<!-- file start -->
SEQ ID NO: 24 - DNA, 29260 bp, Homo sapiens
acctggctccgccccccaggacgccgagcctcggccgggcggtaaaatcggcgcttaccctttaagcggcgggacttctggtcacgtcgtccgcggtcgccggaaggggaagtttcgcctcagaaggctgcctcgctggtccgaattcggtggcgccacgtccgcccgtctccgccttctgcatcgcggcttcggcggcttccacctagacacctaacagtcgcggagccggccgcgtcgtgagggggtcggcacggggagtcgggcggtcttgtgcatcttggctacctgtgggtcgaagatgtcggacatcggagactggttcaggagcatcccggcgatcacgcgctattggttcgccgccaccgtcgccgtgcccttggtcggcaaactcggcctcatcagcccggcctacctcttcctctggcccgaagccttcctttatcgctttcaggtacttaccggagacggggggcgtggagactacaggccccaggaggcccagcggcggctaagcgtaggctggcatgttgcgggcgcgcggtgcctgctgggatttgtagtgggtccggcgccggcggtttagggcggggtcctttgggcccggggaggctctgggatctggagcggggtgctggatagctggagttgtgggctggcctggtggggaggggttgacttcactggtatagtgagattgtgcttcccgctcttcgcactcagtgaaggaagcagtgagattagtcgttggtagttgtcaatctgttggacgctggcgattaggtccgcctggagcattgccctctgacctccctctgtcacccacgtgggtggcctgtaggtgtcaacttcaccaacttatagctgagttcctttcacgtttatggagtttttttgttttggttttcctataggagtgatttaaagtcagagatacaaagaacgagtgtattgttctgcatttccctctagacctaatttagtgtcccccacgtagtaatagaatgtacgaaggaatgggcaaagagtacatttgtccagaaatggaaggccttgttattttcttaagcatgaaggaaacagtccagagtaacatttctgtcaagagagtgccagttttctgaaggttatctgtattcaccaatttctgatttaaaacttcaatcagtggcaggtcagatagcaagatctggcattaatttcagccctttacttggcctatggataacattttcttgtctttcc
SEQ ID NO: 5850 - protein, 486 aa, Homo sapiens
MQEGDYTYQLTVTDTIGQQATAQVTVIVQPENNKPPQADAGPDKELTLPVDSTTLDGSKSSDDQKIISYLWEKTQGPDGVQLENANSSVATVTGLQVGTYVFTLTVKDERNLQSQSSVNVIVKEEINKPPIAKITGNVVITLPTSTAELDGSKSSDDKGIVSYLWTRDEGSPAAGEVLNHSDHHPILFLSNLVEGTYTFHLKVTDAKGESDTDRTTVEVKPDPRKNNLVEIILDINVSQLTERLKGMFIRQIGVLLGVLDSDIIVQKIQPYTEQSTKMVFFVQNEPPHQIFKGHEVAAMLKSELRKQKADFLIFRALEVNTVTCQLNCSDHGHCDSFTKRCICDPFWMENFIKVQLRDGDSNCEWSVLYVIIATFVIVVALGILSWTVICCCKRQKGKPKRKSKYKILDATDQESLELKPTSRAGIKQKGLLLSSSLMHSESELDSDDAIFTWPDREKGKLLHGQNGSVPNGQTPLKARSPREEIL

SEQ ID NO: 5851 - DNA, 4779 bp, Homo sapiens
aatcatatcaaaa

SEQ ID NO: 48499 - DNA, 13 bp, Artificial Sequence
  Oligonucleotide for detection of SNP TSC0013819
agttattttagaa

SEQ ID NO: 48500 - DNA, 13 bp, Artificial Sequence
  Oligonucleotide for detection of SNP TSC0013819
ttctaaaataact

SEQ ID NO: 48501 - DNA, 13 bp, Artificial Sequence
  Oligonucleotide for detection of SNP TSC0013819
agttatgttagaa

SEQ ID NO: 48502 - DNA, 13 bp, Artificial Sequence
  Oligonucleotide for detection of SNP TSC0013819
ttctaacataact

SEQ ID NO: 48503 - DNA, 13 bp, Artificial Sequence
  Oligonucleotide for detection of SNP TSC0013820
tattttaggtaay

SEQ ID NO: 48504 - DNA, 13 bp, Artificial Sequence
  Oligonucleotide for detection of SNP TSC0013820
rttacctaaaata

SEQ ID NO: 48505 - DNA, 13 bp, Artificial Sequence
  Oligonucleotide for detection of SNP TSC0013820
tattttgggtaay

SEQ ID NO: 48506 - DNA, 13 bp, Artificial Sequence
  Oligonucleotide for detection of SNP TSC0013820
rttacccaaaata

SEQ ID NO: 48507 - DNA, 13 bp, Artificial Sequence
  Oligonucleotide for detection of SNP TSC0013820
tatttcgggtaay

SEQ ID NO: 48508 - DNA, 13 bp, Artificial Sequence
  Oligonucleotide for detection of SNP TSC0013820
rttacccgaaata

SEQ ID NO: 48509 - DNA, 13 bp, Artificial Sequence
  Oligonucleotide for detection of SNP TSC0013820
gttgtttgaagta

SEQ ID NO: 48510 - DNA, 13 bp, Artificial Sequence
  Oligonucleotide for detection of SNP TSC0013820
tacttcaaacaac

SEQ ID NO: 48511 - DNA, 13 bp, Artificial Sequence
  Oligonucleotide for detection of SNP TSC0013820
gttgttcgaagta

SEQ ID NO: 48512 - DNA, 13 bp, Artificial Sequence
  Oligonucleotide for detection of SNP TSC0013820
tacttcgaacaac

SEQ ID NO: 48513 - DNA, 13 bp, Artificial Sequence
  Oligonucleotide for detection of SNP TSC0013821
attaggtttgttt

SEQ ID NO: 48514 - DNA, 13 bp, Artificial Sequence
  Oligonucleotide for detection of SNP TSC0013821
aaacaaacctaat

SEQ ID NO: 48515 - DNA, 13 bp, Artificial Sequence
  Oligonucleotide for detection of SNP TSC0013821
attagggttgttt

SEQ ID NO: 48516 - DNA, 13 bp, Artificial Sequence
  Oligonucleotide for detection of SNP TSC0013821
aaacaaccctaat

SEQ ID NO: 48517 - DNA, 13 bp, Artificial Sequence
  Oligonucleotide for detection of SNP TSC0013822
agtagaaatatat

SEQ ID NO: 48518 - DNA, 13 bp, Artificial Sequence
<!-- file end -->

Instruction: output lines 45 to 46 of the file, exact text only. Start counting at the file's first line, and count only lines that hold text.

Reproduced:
gttgttcgaagta

SEQ ID NO: 48512 - DNA, 13 bp, Artificial Sequence